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Health Insurance Information
What kinds of health insurance are there?
There are essentially two kinds of heath insurance: Fee-for-Service and Managed
Care. Although these plans differ, they both cover an array of medical, surgical
and hospital expenses. Most cover prescription drugs and some also offer dental
These plans generally assume that the medical professional will be paid a
fee for each service provided to the patient. Patients are seen by a doctor
of their choice and the claim is filed by either the medical provider or the
- Managed Care
More than half of all Americans have some kind of managed-care plan1. Various
plans work differently and can include: health maintenance organizations
(HM0s), preferred provider organizations (PPOs) and point-of-service (POS)
plans. These plans provide comprehensive health services to their members
and offer financial incentives to patients who use the providers in the
The Affordable Care Act (Obamacare)
Starting in 2014, the government will be mandating that everyone be covered by a health insurance or pay a fine. This means everyone will be required to have health insurance that meets a minimum amount of coverage, be enrolled in a government program or pay a fine at the end of the year on their taxes. To help offset the extra expenses that health insurance might create, the government will be offering subsidies to those who qualify based on household size and income.
According to healthcare.gov, the government is fining families the following amounts for not being covered by health insurance in Nevada.
The fee for not having coverage in 2014
If you didn’t have coverage in 2014, you’ll pay one of these two amounts when you file your 2014 federal tax return:
1% of your yearly household income. (Only the amount of income above the tax filing threshold, about $10,000 for an individual, is used to calculate the penalty.) The maximum penalty is the national average premium for a bronze plan.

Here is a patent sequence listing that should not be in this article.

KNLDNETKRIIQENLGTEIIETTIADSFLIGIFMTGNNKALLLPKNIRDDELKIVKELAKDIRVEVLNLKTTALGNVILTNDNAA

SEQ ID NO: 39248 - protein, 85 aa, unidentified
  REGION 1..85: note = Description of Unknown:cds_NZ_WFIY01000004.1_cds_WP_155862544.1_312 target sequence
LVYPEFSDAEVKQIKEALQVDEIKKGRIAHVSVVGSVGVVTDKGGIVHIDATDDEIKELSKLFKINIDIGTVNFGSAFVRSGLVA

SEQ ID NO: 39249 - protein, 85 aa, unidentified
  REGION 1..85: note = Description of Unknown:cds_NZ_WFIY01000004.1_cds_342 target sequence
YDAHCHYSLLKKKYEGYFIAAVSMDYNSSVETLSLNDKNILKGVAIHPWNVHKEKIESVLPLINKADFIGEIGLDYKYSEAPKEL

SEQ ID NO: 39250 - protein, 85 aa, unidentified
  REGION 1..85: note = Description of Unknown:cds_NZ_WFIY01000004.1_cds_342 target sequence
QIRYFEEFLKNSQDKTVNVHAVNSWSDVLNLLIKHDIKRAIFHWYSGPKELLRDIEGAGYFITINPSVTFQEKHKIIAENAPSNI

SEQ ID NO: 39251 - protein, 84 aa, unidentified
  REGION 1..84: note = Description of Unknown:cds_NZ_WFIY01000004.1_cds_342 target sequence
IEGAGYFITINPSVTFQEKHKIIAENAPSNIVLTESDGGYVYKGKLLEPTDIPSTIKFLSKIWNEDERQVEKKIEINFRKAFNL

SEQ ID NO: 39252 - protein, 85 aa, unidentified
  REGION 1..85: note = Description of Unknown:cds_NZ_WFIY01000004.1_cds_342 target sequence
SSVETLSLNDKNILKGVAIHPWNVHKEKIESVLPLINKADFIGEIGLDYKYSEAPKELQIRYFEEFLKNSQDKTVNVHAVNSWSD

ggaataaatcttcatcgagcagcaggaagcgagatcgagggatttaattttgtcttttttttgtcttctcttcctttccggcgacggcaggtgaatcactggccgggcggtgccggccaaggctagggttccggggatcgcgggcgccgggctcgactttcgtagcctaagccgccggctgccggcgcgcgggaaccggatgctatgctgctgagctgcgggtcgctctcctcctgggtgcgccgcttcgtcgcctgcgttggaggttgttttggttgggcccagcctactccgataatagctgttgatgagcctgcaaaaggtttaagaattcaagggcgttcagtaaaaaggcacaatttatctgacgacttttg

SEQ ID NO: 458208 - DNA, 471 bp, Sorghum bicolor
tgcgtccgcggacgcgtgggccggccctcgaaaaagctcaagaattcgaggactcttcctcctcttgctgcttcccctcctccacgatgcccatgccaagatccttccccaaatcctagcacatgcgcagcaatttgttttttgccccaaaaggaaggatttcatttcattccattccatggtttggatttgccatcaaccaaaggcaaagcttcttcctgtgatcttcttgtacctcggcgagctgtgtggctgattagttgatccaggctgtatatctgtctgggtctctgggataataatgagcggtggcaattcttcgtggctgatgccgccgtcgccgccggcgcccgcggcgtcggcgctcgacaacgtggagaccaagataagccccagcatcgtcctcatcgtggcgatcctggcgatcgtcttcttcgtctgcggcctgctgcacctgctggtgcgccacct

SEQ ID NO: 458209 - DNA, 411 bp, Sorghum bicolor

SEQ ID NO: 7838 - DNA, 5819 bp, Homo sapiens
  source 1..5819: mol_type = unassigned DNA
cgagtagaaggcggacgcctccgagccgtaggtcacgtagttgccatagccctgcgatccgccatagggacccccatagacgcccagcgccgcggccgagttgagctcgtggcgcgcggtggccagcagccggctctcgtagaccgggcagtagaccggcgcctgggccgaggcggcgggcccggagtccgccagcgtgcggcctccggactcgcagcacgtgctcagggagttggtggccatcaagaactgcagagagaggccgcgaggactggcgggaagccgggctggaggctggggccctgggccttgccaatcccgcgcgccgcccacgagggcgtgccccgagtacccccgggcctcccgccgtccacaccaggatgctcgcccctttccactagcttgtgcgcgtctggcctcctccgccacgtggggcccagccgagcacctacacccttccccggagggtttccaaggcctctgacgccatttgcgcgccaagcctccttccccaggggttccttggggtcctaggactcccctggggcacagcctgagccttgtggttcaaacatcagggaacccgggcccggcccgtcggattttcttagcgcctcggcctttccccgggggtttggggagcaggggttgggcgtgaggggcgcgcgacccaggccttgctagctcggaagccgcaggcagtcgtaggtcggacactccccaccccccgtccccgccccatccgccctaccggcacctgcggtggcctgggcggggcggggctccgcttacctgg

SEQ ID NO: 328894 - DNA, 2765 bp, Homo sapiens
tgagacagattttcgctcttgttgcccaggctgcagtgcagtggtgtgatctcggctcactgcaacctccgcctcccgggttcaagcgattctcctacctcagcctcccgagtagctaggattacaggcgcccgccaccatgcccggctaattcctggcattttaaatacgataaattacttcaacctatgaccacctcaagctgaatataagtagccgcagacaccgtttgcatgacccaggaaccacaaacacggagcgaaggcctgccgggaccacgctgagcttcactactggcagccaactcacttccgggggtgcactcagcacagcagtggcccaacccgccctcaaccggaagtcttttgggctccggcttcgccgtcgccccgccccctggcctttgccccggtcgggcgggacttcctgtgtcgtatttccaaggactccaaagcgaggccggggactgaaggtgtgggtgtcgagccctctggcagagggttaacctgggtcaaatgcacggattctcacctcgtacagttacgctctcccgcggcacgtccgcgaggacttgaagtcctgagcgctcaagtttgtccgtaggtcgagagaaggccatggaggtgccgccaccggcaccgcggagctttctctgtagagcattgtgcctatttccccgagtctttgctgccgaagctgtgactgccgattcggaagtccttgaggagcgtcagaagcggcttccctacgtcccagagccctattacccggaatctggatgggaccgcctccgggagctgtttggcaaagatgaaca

$95 per person for the year ($47.50 per child under 18). The maximum penalty per family using this method is $285.
The fee in 2015
If you don’t have coverage in 2015, you’ll pay the higher of these two amounts:
- 2% of your yearly household income. (Only the amount of income above the tax filing threshold, about $10,000 for an individual, is used to calculate the penalty.) The maximum penalty is the national average premium for a bronze plan.
- $325 per person for the year ($162.50 per child under 18). The maximum penalty per family using this method is $975.
The fee after 2015
The penalty increases every year. In 2016 it’s 2.5% of income or $695 per person. After that it's adjusted for inflation.
Las Vegas Auto Insurance is an approved producer for the Nevada Health Link. We can offer help to individuals that need help navigating through the exchange or have any questions on Las Vegas Health Insurance. Call us today for further information on any topics for Las Vegas health insurance.
What is 'long-term care'?
Because of old age, mental or physical illness, or injury, some people find
themselves in need of help with eating, bathing, dressing, toileting or
continence, and/or transferring (e.g., getting out of a chair or out of bed).
These six actions are called Activities of Daily Living–sometimes referred to as